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Coronavirus And Immigration

Both candidates were asked by Univision anchor Ilia Calderón how they would ensure that immigrants would feel safe enough to seek treatment for COVID-19.

Former Vice President Joe Biden said he would make sure no one faces deportation for seeking care, “period.” Sen. Bernie Sanders pointed out that under “Medicare for All,” undocumented people are covered and that it’s important “to make sure that everybody feels comfortable getting the health care that they need — that should be a general principle, above and beyond the coronavirus.”

The issue of how undocumented immigrants will cope during the coronavirus crisis is potentially a major one. There’s already evidence that the Trump administration’s “public charge” rule that connects people’s use of safety net programs with their prospects for legally immigrating is affecting the use of medical services — even for services and populations that fall outside the reach of the rule.

The success of the American effort to keep ahead of the spread of coronavirus will depend on public trust. There is such deep distrust already — and fear — among the estimated 11 million people in the country who are undocumented. Whether we create a system to treat people with COVID-19 that is easy to access — and that people have trust they can access safely — could have a major impact on how we fare as a country.

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Biden Defends Support For 2005 Bankruptcy Bill But Wants To Repeal It

Moderator Ilia Calderón asked former Vice President Joe Biden about why he, this week, decided to get behind an Elizabeth Warren-backed plan to repeal a bankruptcy bill that she and Biden clashed over when it passed in 2005.

As I wrote last year, the bill responded to a rise in bankruptcies and instituted a number of changes to bankruptcy law:

“The 2005 bill restricted who could discharge their debts via Chapter 7 bankruptcy and also made the process more difficult. It included a means test, in the form of comparing a person’s income with their state’s median income. The goal, proponents argued, was to make sure that people who could still pay their debts weren’t able to unfairly escape their debts, while also ensuring that people who couldn’t pay were able to get relief.

“The bill also said that a person had to go through credit counseling before obtaining bankruptcy.”

Warren — then a Harvard professor — and Biden had clashed over the law for years. She and some congressional Democrats thought the bill would enrich credit card companies (some of which were based in Biden’s home state of Delaware) and hurt consumers. Warren particularly worried that it would hurt women.

At Sunday night’s debate, Biden defended his support for that bill, saying it would have been worse for consumers had he not been involved.

The fact that Biden now backs this plan is seen as an olive branch to progressives who once backed Warren’s presidential bid or who currently back Sen. Bernie Sanders. In addition to making filing for bankruptcy easier, repealing the bill would also allow people to discharge their student loans via bankruptcy — something that is very difficult to do right now.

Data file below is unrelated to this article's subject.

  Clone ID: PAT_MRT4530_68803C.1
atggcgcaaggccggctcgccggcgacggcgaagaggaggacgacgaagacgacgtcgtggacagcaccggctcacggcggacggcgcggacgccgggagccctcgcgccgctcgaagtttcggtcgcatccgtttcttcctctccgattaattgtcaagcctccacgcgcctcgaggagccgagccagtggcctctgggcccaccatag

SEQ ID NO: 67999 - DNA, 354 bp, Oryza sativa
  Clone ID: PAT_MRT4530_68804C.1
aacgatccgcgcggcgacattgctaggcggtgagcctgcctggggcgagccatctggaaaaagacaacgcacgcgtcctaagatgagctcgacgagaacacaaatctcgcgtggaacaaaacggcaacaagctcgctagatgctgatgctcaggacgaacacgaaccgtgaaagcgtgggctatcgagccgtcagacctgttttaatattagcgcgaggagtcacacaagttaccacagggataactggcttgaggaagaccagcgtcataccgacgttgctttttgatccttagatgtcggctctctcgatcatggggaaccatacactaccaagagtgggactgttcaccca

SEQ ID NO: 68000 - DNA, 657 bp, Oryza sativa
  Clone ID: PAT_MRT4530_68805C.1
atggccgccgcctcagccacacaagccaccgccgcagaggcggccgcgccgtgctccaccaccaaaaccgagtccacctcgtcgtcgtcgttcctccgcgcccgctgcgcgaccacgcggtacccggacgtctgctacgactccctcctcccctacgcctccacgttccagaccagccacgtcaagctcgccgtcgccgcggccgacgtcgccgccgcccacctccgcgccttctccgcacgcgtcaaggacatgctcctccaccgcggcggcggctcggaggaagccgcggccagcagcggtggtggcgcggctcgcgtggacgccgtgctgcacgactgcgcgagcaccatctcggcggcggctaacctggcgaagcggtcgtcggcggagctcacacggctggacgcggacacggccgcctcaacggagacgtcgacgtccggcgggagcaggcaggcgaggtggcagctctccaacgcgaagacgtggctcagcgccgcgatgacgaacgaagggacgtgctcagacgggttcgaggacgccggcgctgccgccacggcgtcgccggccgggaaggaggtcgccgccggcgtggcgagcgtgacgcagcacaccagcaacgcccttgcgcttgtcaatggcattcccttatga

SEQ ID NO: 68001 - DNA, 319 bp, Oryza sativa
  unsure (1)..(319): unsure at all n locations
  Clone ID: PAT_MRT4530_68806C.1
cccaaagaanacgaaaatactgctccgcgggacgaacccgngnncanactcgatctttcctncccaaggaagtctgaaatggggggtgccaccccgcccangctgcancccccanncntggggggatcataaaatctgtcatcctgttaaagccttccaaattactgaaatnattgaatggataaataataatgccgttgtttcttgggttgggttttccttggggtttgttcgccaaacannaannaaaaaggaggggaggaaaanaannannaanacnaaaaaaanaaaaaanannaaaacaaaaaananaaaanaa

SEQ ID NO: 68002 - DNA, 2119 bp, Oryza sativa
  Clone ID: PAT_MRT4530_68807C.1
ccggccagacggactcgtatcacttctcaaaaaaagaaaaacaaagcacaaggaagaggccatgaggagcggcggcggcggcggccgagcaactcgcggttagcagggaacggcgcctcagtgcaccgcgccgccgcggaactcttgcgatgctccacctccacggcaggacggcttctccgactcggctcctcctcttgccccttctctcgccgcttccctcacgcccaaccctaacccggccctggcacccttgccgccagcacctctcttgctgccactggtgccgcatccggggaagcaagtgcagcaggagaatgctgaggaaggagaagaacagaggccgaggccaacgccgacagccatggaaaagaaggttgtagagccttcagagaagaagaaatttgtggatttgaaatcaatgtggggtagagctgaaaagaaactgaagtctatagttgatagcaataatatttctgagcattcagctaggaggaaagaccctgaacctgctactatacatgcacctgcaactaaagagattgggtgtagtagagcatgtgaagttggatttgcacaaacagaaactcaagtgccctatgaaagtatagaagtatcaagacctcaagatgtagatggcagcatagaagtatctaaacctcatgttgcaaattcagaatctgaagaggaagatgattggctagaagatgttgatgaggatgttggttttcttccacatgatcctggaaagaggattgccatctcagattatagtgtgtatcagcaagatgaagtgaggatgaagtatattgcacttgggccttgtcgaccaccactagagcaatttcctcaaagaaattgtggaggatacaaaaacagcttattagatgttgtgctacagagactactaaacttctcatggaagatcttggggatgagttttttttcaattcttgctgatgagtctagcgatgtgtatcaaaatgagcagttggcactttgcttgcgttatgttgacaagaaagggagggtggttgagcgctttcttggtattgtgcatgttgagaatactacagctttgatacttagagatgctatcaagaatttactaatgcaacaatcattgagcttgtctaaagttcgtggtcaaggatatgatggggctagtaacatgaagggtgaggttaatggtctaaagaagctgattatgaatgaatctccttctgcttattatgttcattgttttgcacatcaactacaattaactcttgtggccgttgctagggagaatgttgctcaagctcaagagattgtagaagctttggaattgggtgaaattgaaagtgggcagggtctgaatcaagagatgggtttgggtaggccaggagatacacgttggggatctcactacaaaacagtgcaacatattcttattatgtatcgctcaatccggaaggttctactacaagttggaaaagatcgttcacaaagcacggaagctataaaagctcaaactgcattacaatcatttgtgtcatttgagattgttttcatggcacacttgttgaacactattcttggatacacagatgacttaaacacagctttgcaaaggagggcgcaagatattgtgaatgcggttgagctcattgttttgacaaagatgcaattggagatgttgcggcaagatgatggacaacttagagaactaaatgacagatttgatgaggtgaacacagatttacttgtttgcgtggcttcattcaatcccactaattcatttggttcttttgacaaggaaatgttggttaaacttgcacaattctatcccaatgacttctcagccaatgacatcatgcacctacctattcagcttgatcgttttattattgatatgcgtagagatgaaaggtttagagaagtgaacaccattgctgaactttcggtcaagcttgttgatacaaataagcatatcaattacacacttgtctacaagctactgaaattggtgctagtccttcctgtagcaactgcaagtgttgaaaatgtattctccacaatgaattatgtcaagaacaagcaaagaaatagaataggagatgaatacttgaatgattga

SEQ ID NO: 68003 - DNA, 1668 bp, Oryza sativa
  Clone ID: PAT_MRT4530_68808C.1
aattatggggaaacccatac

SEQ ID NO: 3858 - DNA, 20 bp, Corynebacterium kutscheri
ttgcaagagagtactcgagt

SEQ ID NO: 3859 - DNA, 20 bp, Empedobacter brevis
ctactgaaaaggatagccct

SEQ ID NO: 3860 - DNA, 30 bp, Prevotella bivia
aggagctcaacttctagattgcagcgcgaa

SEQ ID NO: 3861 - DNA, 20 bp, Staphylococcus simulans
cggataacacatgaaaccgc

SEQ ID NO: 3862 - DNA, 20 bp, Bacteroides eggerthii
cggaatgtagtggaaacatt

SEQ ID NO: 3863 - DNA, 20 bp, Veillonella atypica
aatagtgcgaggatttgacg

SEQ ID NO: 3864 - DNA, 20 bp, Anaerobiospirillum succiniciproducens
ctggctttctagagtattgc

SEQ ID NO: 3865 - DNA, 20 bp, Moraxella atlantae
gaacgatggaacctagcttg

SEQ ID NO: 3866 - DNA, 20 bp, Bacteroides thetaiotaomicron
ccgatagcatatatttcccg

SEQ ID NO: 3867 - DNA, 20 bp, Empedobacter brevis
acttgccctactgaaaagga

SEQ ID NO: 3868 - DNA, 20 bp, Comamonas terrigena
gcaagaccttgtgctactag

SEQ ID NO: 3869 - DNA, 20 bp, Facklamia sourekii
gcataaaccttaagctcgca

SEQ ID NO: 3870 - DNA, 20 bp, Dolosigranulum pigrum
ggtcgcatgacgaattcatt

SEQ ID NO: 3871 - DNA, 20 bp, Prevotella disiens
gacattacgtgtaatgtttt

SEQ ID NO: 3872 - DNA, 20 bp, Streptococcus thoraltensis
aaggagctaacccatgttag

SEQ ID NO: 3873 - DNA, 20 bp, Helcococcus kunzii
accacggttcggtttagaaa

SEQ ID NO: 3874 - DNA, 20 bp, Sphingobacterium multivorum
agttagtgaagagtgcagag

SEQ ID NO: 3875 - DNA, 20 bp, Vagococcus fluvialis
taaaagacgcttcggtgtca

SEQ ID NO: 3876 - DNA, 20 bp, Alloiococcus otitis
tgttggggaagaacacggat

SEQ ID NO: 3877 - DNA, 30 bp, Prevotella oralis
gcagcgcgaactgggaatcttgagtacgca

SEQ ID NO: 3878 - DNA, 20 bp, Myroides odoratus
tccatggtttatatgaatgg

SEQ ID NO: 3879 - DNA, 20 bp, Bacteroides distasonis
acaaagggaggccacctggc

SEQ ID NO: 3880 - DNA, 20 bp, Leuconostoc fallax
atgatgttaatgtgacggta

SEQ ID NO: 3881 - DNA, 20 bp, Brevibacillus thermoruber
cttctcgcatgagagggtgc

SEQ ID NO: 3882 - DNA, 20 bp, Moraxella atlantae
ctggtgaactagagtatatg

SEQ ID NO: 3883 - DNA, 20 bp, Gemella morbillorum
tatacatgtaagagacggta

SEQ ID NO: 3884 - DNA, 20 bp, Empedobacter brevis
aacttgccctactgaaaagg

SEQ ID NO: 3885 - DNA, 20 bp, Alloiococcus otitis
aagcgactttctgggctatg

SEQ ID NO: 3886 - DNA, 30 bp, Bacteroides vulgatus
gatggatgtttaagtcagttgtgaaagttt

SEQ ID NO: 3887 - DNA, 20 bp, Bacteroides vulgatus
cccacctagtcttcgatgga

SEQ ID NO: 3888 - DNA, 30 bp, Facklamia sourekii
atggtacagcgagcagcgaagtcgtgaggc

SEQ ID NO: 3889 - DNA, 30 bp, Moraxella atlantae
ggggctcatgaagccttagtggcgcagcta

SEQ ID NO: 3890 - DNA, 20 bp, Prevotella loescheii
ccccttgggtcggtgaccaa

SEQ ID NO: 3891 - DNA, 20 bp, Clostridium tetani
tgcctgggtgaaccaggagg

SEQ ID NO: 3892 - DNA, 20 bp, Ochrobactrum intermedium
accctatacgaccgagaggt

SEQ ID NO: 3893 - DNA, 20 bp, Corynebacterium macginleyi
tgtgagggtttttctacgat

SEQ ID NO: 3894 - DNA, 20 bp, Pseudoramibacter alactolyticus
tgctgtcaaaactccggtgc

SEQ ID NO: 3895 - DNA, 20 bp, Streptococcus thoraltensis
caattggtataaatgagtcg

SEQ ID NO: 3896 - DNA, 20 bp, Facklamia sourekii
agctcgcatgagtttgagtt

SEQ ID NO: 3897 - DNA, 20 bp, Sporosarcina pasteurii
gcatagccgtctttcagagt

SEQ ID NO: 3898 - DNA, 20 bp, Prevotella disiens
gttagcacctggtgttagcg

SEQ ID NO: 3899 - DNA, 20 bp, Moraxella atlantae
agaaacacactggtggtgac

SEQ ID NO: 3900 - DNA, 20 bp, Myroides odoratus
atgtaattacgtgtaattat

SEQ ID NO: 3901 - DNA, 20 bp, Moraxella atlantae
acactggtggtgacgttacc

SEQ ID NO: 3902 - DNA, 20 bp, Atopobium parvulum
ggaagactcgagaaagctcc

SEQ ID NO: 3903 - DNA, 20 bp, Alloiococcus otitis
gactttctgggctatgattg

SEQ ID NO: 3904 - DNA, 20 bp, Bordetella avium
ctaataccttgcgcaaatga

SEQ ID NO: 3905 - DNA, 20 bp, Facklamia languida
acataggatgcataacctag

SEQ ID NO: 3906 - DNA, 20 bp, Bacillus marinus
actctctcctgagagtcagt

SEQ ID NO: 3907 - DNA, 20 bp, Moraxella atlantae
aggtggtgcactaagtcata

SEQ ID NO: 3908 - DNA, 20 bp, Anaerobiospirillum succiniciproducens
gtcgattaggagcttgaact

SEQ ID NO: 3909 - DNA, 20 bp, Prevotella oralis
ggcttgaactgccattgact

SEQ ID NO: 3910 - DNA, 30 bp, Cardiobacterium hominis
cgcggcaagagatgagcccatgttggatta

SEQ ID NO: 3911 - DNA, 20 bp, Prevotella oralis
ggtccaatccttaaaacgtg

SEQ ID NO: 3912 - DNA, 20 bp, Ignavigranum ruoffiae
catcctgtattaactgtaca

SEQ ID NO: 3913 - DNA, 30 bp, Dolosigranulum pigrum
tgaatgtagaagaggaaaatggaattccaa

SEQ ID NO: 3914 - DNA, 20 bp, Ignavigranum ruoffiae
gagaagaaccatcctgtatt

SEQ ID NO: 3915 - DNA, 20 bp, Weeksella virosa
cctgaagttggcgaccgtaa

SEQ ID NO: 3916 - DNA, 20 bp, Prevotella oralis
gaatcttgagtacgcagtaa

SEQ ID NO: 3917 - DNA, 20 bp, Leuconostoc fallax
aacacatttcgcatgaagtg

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How The Candidates (And Campaigns) Are Responding to Coronavirus

Sen. Bernie Sanders and former Vice President Joe Biden were each asked what steps they were taking as the coronavirus has upended the presidential campaign. The virus has prompted both men to ask their staff to work from home. Their campaigns have also canceled in-person rallies and town halls alike. Instead, both Biden and Sanders are turning to virtual events.

When the two men started the debate, there was no traditional handshake, they bumped elbows instead.

For his part, Sanders said he’s using a lot of soap and hand sanitizer. Biden said he washes his hands "God knows how many times a day with hot water and soap," and avoids touching his face.

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Biden Looking Past Sanders

There has never been a debate like this. It was moved into a TV studio, as the country has essentially ground to a halt because of the novel coronavirus. But there’s still politics at play and a primary to win. After all, four big states, including Florida and Ohio, vote Tuesday.

But during this debate, instead of trying to draw contrasts, former Vice President Joe Biden seems to be looking past his immediate opponent, Vermont Sen. Bernie Sanders. Sanders promoted his “Medicare For All” plan as a bigger-picture point in responding not just to coronavirus but also to the broader holes in the health insurance industry.

Biden dismissed that, saying a single-payer system didn’t work in Italy to prevent the spread of that coronavirus. Biden instead wanted to talk about how to deal with the national emergency.

Sanders attacked Biden for aspects of the health care industry funding Biden’s campaign. Biden reacted quickly and shot a look at Sanders, but Biden declined to shoot back. Instead, Biden, who has about a 154-delegate lead, said, he’s “not going to get into the back-and-forth about our politics.”